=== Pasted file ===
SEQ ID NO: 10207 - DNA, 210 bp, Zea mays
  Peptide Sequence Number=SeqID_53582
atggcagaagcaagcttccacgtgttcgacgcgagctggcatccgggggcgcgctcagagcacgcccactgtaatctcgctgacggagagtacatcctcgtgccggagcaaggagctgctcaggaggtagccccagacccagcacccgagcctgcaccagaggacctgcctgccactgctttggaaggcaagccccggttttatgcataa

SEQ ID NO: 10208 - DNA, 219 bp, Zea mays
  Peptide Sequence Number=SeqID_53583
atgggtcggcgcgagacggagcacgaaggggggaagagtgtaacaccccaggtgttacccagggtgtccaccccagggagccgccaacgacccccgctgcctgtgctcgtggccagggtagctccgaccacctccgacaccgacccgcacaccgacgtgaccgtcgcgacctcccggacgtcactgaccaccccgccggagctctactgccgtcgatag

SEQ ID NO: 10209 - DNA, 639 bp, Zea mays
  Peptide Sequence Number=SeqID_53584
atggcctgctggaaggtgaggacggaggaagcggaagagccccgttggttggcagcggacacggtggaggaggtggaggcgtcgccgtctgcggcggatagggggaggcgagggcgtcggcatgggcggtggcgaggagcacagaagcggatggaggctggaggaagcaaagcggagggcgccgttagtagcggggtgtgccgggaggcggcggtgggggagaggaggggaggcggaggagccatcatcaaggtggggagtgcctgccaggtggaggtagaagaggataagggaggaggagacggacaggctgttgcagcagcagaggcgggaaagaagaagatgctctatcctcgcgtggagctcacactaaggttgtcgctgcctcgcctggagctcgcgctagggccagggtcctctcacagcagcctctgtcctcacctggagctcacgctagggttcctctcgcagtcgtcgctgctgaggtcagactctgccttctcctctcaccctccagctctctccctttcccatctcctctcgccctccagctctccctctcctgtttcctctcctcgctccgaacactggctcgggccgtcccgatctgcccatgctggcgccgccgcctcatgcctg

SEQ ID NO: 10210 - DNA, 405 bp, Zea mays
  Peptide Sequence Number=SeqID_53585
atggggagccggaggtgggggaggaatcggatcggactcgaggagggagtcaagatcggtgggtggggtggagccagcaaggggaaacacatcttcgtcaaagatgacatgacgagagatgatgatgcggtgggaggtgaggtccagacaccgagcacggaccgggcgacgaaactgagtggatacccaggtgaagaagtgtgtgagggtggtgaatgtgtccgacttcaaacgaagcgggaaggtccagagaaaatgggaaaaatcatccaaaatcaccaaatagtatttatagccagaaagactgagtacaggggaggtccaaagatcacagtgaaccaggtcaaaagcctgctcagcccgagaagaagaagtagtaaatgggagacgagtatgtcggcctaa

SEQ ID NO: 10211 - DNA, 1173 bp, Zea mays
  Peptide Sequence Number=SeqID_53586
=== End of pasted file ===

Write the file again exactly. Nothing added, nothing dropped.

SEQ ID NO: 10207 - DNA, 210 bp, Zea mays
  Peptide Sequence Number=SeqID_53582
atggcagaagcaagcttccacgtgttcgacgcgagctggcatccgggggcgcgctcagagcacgcccactgtaatctcgctgacggagagtacatcctcgtgccggagcaaggagctgctcaggaggtagccccagacccagcacccgagcctgcaccagaggacctgcctgccactgctttggaaggcaagccccggttttatgcataa

SEQ ID NO: 10208 - DNA, 219 bp, Zea mays
  Peptide Sequence Number=SeqID_53583
atgggtcggcgcgagacggagcacgaaggggggaagagtgtaacaccccaggtgttacccagggtgtccaccccagggagccgccaacgacccccgctgcctgtgctcgtggccagggtagctccgaccacctccgacaccgacccgcacaccgacgtgaccgtcgcgacctcccggacgtcactgaccaccccgccggagctctactgccgtcgatag

SEQ ID NO: 10209 - DNA, 639 bp, Zea mays
  Peptide Sequence Number=SeqID_53584
atggcctgctggaaggtgaggacggaggaagcggaagagccccgttggttggcagcggacacggtggaggaggtggaggcgtcgccgtctgcggcggatagggggaggcgagggcgtcggcatgggcggtggcgaggagcacagaagcggatggaggctggaggaagcaaagcggagggcgccgttagtagcggggtgtgccgggaggcggcggtgggggagaggaggggaggcggaggagccatcatcaaggtggggagtgcctgccaggtggaggtagaagaggataagggaggaggagacggacaggctgttgcagcagcagaggcgggaaagaagaagatgctctatcctcgcgtggagctcacactaaggttgtcgctgcctcgcctggagctcgcgctagggccagggtcctctcacagcagcctctgtcctcacctggagctcacgctagggttcctctcgcagtcgtcgctgctgaggtcagactctgccttctcctctcaccctccagctctctccctttcccatctcctctcgccctccagctctccctctcctgtttcctctcctcgctccgaacactggctcgggccgtcccgatctgcccatgctggcgccgccgcctcatgcctg

SEQ ID NO: 10210 - DNA, 405 bp, Zea mays
  Peptide Sequence Number=SeqID_53585
atggggagccggaggtgggggaggaatcggatcggactcgaggagggagtcaagatcggtgggtggggtggagccagcaaggggaaacacatcttcgtcaaagatgacatgacgagagatgatgatgcggtgggaggtgaggtccagacaccgagcacggaccgggcgacgaaactgagtggatacccaggtgaagaagtgtgtgagggtggtgaatgtgtccgacttcaaacgaagcgggaaggtccagagaaaatgggaaaaatcatccaaaatcaccaaatagtatttatagccagaaagactgagtacaggggaggtccaaagatcacagtgaaccaggtcaaaagcctgctcagcccgagaagaagaagtagtaaatgggagacgagtatgtcggcctaa

SEQ ID NO: 10211 - DNA, 1173 bp, Zea mays
  Peptide Sequence Number=SeqID_53586